5. Service and Support. This is probably an area where you’re suffering today, as the softswitch vendors are cutting support as they divest from the market. Ensure your partner has a commitment to service, with SLAs that back up that commitment. A high Net Promoter Score (NPS) is a great indicator, as well as certifications from 3rd party rating agencies.
  6. Flexibility. Maximize it! Make sure you can mix-and-match licenses at the end customer level (some providers don’t offer this). Look for a contract with as little long-term obligation as possible so you can back out if you’re not happy.
  7. A Partner Mentality. Lastly, look for an organization that’s committed to the channel partner. Some UC providers have partner programs, but their primary interest is selling direct (and in effect competing against you). A partner first mentality is key.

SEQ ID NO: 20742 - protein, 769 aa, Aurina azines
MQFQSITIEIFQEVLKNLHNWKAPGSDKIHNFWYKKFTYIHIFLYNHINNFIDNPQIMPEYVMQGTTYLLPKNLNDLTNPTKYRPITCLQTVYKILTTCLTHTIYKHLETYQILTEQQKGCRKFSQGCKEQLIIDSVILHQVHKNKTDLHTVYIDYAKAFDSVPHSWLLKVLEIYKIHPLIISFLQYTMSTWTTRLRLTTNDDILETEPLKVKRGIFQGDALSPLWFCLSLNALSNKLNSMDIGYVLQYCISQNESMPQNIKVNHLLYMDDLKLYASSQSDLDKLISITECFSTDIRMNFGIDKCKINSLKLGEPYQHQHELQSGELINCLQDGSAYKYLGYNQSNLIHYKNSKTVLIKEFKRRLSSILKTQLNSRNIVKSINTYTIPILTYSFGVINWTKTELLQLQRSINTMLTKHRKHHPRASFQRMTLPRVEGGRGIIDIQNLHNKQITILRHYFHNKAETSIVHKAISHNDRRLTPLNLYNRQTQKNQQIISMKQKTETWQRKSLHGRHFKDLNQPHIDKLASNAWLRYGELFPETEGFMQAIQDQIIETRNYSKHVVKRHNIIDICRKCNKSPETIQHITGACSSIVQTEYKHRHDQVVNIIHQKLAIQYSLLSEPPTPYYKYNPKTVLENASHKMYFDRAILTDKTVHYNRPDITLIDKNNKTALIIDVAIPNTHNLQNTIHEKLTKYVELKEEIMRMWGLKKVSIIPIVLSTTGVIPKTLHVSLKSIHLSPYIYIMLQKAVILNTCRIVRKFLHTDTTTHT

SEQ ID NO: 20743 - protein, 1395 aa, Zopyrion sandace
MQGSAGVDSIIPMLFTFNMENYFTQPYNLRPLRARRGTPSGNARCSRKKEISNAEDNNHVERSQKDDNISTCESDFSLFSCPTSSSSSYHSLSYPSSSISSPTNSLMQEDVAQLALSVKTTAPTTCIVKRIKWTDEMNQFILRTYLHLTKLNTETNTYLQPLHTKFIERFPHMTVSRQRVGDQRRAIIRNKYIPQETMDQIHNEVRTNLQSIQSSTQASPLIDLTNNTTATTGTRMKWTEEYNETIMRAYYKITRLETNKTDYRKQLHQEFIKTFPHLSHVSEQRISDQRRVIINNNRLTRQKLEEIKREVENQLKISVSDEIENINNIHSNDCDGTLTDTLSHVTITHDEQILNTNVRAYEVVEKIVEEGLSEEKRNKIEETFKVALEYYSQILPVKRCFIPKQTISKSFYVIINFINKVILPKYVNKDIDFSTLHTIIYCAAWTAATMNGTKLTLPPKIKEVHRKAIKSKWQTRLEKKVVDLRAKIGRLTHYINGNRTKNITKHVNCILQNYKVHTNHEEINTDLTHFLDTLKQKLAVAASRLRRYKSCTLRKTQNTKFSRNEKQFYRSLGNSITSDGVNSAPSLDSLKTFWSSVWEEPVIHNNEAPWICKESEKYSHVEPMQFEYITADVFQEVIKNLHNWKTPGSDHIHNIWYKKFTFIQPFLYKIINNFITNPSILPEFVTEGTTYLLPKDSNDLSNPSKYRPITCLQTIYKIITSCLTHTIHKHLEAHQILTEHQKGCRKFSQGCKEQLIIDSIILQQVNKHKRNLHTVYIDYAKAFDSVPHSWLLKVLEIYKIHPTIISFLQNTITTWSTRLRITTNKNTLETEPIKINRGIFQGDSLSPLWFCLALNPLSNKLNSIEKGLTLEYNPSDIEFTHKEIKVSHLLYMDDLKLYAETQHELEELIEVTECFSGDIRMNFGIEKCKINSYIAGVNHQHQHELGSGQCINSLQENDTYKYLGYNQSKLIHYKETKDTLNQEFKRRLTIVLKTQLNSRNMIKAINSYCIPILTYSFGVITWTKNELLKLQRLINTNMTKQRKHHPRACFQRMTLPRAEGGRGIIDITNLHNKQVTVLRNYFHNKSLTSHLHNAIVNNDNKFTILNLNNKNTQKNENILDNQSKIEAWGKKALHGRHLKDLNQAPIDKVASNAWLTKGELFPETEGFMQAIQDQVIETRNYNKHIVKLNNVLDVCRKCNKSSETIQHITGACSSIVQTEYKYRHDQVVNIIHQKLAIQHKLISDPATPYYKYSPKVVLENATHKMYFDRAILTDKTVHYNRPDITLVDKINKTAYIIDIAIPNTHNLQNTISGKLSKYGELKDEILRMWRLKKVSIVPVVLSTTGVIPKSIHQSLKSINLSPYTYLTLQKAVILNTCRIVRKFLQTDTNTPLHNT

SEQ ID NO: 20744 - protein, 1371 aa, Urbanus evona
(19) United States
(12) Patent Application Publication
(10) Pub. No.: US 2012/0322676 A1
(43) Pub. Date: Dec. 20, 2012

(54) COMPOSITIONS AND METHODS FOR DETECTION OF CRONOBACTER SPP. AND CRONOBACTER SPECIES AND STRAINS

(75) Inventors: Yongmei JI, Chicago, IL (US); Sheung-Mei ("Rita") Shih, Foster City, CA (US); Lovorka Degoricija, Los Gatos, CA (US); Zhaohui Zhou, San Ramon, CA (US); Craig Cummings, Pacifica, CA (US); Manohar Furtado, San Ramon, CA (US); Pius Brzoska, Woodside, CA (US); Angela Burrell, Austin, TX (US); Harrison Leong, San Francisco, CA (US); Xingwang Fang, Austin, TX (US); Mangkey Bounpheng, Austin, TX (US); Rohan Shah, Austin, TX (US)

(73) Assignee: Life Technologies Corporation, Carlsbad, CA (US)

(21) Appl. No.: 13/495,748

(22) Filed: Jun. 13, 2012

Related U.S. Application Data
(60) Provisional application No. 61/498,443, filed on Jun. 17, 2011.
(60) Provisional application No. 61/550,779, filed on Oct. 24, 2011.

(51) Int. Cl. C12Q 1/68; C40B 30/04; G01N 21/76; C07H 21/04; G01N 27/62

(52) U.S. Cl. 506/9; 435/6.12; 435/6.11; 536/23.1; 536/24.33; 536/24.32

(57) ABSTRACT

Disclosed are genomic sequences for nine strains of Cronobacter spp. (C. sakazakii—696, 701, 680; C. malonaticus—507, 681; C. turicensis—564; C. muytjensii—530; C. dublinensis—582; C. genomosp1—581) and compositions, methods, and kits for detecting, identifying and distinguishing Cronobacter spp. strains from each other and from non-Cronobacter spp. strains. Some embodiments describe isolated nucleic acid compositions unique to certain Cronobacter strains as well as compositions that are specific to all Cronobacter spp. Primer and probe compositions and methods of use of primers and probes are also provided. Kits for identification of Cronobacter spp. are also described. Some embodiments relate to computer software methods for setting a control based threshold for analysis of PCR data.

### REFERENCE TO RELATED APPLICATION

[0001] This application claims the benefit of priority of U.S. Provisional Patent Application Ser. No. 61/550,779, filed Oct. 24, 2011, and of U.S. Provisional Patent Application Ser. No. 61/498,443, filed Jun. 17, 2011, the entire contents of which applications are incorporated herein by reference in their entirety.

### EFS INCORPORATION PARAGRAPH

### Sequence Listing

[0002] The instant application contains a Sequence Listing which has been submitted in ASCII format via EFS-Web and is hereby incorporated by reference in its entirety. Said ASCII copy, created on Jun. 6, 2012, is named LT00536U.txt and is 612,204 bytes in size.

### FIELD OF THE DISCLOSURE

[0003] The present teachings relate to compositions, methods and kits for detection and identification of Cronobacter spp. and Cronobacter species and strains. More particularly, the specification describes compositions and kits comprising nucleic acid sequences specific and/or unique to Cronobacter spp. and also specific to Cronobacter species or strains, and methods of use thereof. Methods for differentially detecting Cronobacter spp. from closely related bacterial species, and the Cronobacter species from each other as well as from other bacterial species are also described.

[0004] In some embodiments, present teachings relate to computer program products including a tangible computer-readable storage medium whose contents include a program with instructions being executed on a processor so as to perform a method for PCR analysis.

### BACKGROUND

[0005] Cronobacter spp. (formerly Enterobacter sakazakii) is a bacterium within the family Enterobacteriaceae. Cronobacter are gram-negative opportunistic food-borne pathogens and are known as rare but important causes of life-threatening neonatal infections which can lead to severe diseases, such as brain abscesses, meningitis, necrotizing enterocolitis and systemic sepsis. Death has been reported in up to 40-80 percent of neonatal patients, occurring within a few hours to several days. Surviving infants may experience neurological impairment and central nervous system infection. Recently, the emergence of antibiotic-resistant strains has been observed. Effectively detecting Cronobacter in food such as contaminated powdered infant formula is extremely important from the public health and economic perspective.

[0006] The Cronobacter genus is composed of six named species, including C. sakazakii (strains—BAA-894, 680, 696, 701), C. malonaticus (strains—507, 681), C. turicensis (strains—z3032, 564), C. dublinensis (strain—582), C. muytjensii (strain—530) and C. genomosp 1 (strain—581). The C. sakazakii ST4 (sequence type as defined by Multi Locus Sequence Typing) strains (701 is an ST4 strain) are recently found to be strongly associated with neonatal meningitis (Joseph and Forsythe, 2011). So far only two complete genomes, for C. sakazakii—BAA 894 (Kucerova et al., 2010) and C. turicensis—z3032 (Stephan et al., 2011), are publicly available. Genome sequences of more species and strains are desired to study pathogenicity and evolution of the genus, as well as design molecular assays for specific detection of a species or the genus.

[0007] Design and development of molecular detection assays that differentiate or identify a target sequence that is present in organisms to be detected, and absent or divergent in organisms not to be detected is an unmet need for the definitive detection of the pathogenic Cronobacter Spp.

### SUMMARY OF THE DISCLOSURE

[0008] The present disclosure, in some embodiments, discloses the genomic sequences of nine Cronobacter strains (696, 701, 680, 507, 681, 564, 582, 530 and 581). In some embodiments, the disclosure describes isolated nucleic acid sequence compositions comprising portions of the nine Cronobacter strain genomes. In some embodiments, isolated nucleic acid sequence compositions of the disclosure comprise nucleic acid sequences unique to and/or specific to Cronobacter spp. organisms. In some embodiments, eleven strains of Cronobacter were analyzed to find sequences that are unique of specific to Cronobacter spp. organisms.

Embracing the Future: Adapting to Industry Dynamics

As the industry undergoes a significant transformation, SPs must embrace change and align their strategies with evolving market dynamics. SPs control an estimated 40% of the UC market, and likely all of them will be making a product transition in the next several years.

For further insights into navigating this transition, resources like Intermedia’s whitepaper offer valuable perspectives and strategies for SPs embarking on this journey.

Brian Gregory

Brian Gregory is Senior Director of Product Marketing for solutions Intermedia resells through our service provider and carrier partners.

March 26, 2024